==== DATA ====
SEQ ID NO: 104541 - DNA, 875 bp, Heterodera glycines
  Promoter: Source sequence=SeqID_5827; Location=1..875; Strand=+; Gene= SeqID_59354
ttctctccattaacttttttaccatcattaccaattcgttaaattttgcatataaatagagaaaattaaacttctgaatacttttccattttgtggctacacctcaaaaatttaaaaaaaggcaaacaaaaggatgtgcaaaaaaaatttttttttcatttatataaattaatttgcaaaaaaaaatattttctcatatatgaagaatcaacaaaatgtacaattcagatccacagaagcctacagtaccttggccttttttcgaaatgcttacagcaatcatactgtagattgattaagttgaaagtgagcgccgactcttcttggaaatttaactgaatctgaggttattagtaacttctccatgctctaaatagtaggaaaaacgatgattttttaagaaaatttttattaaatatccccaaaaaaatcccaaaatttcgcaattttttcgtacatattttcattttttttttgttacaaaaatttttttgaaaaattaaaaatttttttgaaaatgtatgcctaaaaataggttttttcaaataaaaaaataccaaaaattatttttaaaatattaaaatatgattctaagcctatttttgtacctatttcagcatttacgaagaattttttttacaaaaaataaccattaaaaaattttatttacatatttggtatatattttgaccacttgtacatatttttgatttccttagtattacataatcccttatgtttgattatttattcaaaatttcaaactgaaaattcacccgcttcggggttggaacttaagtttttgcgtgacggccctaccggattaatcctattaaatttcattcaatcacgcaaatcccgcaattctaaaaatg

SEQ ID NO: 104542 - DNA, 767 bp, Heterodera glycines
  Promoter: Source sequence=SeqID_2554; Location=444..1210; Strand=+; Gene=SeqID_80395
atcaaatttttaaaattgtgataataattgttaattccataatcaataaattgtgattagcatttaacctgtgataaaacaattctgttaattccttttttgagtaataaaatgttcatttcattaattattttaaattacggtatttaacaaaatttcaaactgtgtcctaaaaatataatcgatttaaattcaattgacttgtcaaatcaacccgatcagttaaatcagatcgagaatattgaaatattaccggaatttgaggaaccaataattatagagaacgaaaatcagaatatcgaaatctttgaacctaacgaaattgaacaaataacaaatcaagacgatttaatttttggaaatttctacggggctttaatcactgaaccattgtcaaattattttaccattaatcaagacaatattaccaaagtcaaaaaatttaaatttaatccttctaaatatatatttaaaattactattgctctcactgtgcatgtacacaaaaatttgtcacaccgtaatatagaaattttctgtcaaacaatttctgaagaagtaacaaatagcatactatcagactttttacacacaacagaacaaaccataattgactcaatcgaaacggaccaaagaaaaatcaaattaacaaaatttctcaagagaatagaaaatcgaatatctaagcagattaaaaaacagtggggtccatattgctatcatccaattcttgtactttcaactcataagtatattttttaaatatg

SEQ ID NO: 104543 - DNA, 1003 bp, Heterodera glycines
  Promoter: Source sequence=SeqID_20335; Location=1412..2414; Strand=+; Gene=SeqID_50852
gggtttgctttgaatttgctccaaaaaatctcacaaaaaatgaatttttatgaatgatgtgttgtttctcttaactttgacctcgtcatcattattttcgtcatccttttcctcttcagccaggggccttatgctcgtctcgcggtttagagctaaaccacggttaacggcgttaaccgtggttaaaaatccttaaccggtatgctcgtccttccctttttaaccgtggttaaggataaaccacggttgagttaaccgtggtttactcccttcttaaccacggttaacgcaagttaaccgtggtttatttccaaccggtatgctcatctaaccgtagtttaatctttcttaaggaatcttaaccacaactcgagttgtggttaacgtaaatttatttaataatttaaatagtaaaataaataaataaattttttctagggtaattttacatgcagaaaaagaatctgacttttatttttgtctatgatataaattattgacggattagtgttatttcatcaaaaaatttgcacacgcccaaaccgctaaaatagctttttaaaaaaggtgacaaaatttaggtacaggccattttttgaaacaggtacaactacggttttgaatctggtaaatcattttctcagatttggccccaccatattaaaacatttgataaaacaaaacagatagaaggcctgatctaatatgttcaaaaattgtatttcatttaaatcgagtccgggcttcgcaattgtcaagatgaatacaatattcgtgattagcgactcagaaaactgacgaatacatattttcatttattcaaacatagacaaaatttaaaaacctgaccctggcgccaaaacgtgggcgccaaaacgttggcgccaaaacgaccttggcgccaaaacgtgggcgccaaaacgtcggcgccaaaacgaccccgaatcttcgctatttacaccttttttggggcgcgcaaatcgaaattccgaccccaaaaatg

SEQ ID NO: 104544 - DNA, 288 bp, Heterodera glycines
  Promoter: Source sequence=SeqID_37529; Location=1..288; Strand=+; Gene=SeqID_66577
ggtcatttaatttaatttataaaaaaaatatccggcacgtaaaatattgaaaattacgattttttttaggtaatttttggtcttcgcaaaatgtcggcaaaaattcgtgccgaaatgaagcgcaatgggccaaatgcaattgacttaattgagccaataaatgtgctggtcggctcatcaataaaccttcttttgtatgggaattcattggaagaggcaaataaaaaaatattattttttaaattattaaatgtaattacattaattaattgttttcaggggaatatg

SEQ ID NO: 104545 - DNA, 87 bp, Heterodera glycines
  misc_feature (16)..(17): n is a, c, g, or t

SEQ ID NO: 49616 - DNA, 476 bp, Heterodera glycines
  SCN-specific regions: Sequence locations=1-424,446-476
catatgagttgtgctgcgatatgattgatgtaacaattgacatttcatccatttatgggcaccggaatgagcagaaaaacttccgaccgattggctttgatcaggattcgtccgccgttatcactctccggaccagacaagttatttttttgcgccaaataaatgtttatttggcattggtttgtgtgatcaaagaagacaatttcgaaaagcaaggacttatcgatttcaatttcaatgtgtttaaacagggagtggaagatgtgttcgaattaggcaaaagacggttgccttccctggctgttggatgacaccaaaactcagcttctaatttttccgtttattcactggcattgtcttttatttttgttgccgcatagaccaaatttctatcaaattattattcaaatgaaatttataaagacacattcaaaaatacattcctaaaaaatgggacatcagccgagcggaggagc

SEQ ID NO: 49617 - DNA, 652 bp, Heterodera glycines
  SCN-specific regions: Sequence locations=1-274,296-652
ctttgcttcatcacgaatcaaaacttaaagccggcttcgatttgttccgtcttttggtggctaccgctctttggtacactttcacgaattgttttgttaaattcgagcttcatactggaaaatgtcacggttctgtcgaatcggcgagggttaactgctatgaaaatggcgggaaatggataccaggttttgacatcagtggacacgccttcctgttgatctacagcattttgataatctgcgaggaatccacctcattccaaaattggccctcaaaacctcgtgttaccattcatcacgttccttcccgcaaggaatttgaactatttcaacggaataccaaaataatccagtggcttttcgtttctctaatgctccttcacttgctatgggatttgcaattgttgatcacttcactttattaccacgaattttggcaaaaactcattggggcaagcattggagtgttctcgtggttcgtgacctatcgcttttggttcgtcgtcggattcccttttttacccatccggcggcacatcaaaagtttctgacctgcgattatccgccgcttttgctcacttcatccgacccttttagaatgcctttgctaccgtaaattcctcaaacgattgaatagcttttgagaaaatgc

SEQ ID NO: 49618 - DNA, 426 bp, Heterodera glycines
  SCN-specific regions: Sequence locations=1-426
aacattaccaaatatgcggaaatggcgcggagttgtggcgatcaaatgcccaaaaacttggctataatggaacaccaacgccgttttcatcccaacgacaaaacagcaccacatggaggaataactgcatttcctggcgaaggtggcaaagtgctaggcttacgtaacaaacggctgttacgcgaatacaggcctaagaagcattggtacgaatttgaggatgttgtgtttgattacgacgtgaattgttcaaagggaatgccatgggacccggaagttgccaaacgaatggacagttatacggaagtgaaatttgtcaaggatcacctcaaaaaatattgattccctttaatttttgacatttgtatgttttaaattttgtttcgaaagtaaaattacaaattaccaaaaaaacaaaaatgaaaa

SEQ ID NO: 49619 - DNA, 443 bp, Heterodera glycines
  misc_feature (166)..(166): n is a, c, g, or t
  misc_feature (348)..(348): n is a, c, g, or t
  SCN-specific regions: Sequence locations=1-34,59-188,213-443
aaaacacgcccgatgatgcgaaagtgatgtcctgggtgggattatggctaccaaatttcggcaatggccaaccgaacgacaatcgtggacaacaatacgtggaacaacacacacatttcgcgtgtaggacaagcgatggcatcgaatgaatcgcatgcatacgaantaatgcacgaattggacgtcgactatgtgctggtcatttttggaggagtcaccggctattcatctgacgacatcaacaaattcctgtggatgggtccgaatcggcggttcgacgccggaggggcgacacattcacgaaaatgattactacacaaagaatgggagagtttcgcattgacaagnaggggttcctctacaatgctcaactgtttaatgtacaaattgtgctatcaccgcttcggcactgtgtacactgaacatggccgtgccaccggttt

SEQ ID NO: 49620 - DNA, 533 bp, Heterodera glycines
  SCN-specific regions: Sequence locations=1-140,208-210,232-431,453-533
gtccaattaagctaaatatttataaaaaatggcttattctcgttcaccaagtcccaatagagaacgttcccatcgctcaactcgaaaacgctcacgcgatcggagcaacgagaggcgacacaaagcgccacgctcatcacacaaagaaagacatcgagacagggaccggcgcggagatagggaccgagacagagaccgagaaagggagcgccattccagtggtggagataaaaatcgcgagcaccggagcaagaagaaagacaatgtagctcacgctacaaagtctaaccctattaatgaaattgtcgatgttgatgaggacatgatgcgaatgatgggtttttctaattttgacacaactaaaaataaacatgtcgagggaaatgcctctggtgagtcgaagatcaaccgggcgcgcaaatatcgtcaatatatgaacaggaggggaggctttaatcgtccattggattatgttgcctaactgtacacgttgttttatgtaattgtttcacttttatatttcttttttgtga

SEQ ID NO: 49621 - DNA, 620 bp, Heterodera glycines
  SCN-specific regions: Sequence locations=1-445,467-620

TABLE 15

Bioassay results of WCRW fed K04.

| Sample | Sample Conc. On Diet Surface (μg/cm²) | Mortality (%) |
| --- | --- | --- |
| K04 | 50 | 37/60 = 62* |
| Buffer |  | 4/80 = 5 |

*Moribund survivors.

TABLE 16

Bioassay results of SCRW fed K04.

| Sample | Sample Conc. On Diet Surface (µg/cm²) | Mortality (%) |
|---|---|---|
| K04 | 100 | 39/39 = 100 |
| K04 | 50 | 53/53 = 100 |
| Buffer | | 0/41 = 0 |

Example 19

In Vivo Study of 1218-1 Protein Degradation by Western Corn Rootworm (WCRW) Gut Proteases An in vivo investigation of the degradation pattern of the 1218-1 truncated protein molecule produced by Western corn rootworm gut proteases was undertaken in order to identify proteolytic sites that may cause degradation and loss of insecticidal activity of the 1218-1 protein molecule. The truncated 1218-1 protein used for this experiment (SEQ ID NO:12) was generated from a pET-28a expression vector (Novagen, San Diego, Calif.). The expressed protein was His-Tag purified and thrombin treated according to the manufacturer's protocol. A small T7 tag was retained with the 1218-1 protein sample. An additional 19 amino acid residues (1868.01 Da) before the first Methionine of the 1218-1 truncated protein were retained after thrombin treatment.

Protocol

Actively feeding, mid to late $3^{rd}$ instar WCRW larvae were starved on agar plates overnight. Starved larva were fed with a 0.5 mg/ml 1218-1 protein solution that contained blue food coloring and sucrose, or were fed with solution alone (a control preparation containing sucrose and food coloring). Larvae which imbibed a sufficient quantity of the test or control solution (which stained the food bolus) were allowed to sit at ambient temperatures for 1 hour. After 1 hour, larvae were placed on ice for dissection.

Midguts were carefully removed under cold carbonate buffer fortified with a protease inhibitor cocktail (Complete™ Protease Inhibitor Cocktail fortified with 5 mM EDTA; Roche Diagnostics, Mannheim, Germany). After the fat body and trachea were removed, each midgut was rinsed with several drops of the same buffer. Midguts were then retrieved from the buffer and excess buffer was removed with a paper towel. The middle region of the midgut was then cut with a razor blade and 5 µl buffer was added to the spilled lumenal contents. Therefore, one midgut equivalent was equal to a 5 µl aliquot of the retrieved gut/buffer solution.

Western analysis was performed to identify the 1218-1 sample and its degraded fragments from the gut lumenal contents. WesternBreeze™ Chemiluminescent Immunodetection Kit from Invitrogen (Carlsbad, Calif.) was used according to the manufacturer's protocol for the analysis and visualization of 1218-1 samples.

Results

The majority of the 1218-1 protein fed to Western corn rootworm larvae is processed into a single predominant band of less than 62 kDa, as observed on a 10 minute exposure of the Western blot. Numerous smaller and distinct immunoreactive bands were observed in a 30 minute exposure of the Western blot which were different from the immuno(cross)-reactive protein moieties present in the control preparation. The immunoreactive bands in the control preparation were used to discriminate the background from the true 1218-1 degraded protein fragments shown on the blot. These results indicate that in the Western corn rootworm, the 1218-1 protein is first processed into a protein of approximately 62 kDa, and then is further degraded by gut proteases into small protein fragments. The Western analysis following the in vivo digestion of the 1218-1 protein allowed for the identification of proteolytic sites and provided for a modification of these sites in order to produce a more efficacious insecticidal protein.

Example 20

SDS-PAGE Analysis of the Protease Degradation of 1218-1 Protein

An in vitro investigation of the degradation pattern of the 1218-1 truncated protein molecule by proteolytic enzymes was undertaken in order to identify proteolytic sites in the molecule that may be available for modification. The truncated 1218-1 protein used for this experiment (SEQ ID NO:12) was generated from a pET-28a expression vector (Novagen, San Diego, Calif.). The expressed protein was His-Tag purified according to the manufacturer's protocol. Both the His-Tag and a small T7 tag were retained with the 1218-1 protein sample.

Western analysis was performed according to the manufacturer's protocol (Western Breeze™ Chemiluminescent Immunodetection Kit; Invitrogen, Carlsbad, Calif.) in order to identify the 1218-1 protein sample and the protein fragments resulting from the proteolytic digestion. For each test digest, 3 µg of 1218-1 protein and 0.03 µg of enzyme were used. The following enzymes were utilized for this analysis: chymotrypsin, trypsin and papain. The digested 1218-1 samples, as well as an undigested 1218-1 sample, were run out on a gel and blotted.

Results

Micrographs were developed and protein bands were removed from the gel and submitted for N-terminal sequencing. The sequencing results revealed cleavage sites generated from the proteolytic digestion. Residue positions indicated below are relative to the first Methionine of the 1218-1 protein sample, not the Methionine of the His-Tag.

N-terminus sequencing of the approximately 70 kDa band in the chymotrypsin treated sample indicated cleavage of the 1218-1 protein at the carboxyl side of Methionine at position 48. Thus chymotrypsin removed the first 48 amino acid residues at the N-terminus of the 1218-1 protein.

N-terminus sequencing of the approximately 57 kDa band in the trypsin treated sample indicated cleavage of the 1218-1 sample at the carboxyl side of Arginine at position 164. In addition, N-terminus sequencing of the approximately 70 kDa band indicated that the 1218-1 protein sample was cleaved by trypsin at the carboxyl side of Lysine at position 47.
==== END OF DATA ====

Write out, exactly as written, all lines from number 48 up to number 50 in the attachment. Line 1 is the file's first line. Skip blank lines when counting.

Example 19

In Vivo Study of 1218-1 Protein Degradation by Western Corn Rootworm (WCRW) Gut Proteases An in vivo investigation of the degradation pattern of the 1218-1 truncated protein molecule produced by Western corn rootworm gut proteases was undertaken in order to identify proteolytic sites that may cause degradation and loss of insecticidal activity of the 1218-1 protein molecule. The truncated 1218-1 protein used for this experiment (SEQ ID NO:12) was generated from a pET-28a expression vector (Novagen, San Diego, Calif.). The expressed protein was His-Tag purified and thrombin treated according to the manufacturer's protocol. A small T7 tag was retained with the 1218-1 protein sample. An additional 19 amino acid residues (1868.01 Da) before the first Methionine of the 1218-1 truncated protein were retained after thrombin treatment.

Protocol